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Where planning comes together. T​he power of SCUP is its community. We learn from one another, sharing how we’ve achieved success and, maybe more importantly, what we’ve learned from failure. SCUP authors, produces, and curates thousands of resources to help you prepare for the future, overcome challenges, and bring planning together at your college or university.

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Published
July 30, 2021

Passive House Design and Residence Halls

The Perfect Pairing

The session will discuss the basics of Passive House (PH) design, how it can both save energy and improve the quality of the interior environment. The presenters will illustrate how Passive House design has been incorporated from both a design and administrative standpoint at the new residence hall at the University of Toronto Scarborough.
Abstract: Discover how Passive House design was incorporated into the design of UTSC’s 750-bed residence hall and dining facility; helping the University to meet its sustainability and health & wellness goals. Embracing this high-performance design protocol for student residences of any size will align three goals for any campus: sustainability, student health, and bottom-line financial performance.

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Published
June 1, 2020

Trends: Canada 2020

This special issue of Trends focuses on the forces and events affecting Canadian higher education. Our guest editors contributed observations, trends, and insights based on their work within Canadian colleges and universities.
Abstract:

We’ve organized Trends using STEEP:



  • Social: How people work internally (psychology) and with each other (sociology)

  • Technology: How people use technology (including hardware and software), how society relies on technology, and how technology affects society

  • Economic: Macro- or microeconomics, including global trends, anything related to jobs and skills needed for jobs, and industry shifts

  • Environmental: Our external surroundings, including sustainability and our evolving workplaces, cities, and living spaces

  • Political: Public policy, governmental systems, the people within them, and the effects of government decisions on our citizens and communities



Each trend includes a brief trend summary, an endnoted source, and discussion questions to help you analyze and act on the trend.


Published spring 2020.

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The Intersection

Where Do Human Needs and Space Allocation Cross?

As designs for an institution and its spaces are considered, decision makers should seek a balance between offering areas for quiet work that requires intense concentration and for social engagement and the sharing of ideas.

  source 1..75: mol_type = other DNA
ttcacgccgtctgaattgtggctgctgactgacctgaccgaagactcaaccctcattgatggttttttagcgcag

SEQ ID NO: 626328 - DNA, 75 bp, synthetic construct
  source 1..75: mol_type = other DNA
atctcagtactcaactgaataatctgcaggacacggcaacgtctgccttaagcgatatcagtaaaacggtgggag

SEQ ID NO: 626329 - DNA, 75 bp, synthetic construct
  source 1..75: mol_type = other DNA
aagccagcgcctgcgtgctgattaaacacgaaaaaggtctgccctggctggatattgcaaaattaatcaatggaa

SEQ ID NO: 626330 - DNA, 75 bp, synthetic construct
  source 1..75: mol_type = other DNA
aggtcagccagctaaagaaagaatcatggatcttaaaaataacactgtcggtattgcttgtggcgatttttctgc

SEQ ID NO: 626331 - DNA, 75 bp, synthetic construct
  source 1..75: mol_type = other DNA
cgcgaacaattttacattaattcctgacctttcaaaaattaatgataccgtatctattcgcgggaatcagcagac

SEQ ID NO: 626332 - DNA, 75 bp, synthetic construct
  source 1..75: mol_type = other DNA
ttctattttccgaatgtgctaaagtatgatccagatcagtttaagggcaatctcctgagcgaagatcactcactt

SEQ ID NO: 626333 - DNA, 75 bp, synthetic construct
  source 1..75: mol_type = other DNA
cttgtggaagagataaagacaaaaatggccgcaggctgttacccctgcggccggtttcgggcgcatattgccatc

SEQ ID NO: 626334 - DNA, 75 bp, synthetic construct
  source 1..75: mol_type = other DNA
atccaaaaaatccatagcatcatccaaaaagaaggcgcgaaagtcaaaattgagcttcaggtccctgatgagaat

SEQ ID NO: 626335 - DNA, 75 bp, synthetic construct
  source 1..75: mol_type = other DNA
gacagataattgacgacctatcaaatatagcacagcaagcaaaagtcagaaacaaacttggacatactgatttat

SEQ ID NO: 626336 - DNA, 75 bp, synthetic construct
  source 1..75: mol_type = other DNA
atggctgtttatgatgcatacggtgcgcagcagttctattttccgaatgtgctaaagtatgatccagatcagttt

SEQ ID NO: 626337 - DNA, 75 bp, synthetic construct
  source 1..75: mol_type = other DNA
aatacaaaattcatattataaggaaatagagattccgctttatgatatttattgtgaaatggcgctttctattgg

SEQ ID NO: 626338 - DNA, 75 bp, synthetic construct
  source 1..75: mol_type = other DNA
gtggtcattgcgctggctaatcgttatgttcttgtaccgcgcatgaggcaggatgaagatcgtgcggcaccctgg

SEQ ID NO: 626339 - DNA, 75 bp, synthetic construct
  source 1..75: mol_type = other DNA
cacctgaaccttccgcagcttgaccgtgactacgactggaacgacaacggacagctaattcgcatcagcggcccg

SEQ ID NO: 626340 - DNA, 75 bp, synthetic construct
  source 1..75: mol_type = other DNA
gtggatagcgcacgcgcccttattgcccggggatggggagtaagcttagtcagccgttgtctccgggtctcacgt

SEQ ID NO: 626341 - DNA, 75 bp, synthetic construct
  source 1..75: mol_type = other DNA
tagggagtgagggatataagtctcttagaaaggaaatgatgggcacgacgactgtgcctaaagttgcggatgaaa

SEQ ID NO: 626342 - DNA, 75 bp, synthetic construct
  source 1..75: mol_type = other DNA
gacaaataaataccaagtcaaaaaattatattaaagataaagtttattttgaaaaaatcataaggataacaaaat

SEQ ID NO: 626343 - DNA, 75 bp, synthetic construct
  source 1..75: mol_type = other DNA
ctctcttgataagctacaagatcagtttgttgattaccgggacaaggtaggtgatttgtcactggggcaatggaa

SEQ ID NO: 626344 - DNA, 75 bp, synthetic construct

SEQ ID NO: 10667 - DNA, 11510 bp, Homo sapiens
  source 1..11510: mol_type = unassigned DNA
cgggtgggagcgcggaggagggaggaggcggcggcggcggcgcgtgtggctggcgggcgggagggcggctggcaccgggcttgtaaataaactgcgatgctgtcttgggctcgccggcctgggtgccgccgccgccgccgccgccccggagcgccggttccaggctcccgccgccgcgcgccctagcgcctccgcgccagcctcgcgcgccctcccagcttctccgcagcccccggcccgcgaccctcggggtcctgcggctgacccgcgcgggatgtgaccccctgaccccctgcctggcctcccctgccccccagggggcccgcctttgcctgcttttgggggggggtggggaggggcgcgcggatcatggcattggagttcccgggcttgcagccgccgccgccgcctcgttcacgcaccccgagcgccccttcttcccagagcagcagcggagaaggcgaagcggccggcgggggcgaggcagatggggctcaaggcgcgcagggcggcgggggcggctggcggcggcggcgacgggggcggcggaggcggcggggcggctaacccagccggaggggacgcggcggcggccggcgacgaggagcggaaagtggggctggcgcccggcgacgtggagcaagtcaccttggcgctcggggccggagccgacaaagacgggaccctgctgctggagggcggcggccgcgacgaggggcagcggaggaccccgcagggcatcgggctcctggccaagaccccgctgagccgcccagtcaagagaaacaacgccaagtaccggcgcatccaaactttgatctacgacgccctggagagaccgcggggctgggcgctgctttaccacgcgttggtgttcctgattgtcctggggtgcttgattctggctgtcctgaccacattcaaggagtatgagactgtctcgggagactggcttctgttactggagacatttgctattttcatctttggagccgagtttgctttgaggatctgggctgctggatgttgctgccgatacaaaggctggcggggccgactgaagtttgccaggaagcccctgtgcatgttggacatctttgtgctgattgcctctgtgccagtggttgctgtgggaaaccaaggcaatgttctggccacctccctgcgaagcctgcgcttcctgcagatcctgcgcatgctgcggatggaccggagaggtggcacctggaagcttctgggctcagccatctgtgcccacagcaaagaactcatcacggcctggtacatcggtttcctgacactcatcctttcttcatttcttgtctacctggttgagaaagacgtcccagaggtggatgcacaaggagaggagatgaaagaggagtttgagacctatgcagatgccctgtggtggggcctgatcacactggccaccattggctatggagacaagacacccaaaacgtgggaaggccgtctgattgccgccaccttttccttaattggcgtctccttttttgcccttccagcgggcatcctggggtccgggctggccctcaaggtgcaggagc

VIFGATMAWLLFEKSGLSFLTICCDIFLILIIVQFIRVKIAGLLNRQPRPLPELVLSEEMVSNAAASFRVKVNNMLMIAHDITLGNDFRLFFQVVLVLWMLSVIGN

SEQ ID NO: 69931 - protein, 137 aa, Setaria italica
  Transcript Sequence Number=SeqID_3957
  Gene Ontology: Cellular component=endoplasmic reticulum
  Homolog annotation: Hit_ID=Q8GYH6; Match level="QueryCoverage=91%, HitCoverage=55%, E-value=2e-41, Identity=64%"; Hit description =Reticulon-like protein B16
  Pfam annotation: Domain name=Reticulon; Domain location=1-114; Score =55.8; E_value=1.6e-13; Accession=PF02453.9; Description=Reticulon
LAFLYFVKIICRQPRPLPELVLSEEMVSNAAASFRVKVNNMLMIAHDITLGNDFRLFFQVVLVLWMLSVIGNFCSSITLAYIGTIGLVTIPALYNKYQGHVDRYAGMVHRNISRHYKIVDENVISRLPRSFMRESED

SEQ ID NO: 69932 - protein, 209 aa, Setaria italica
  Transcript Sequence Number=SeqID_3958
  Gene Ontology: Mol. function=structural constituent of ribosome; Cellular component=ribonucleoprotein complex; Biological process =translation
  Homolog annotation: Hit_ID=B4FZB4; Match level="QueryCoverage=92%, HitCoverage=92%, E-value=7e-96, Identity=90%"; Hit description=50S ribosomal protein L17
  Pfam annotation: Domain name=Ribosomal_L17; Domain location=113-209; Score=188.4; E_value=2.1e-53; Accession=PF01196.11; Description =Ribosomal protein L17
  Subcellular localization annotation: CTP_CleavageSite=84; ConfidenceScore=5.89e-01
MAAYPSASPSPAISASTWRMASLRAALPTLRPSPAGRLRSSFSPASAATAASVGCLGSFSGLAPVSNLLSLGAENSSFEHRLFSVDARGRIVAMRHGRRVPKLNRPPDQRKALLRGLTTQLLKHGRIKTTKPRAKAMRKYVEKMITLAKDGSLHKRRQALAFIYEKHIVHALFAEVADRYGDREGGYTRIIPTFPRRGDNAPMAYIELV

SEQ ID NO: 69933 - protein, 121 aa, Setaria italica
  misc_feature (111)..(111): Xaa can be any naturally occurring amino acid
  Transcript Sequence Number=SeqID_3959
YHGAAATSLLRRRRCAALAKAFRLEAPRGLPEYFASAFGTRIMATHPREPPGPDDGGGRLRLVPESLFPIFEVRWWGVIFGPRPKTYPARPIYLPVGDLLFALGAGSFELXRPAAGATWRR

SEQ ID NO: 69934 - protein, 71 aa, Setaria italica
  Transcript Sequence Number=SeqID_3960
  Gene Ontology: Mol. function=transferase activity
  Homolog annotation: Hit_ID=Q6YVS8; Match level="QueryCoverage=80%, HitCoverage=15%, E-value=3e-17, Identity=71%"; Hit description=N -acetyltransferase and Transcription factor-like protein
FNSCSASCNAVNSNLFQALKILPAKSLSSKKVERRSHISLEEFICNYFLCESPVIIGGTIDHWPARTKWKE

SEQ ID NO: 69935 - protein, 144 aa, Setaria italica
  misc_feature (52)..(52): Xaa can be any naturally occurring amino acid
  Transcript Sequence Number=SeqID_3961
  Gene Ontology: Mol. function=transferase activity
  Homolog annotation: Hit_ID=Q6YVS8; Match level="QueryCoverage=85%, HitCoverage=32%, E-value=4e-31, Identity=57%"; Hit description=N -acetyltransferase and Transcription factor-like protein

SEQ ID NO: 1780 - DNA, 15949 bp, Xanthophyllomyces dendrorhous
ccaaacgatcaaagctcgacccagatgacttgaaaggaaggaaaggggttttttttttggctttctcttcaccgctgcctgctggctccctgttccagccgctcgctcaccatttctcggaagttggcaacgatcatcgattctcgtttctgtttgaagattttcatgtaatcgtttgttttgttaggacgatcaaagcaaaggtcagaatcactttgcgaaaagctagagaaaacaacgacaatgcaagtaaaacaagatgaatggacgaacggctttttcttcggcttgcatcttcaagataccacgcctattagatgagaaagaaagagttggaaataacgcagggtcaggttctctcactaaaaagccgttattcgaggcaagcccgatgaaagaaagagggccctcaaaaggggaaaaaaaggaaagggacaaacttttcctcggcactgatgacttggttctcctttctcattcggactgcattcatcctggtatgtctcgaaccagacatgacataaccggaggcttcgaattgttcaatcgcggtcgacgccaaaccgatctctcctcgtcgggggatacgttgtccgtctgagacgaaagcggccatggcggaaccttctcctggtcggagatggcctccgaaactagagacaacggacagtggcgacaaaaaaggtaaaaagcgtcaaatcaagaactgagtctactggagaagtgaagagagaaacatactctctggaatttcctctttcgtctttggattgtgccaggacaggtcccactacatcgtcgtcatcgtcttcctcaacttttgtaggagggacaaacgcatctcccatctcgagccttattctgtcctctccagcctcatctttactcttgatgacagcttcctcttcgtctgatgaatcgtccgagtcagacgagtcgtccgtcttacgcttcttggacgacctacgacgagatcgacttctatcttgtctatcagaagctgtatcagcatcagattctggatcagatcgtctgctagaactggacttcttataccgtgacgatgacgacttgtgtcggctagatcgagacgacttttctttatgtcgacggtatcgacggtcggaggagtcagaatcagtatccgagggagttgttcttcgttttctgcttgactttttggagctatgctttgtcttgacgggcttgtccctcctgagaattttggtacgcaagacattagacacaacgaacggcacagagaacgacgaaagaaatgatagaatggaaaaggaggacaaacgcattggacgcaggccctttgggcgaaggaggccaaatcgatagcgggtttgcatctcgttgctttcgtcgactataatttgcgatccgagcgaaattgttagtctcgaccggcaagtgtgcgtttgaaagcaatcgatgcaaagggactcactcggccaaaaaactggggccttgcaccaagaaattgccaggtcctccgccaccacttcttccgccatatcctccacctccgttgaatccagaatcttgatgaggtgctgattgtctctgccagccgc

From Volume 47 Number 4 | July–September 2019

Abstract: Using an administrative sustainability framework, we studied the decision process as it relates to space allocation. Those making the decision were academic faculty at a mid-sized urban Canadian university. We present recommendations for decision makers with resource allocation responsibilities.

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“Be Prepared” for Policy Windows

Cultivating Campus Change

How can universities overcome the institutional inertia that impedes successful innovation and change?

From Volume 41 Number 3 | March–May 2013

Abstract: While universities recognize the need for change, establishing an environment conducive to change requires time and movement through stages. In this article, I examine different tools and processes that can pave the way for innovation or change. These processes became evident in my research on the emergence of an interdisciplinary policy school jointly established on two campuses where previous models did not exist. The change came about because there was a confluence of forces that promoted it; these factors were strong enough to negate the barriers. There were key actions undertaken by the universities that promoted the change, including systematic program review, university-wide integrated planning, the appointment of an executive sponsor who had social and political capital, and the establishment of a “grassroots” working committee comprising faculty who were passionate about the initiative. However, there were equally important practices and policies that hindered the movement forward; these included institutional procedures that required multiple levels of approval in a lock-step process and the many facets of resistance to change. For universities contemplating a change agenda, the implementation of some of these processes and tools could potentially be beneficial in moving forward.

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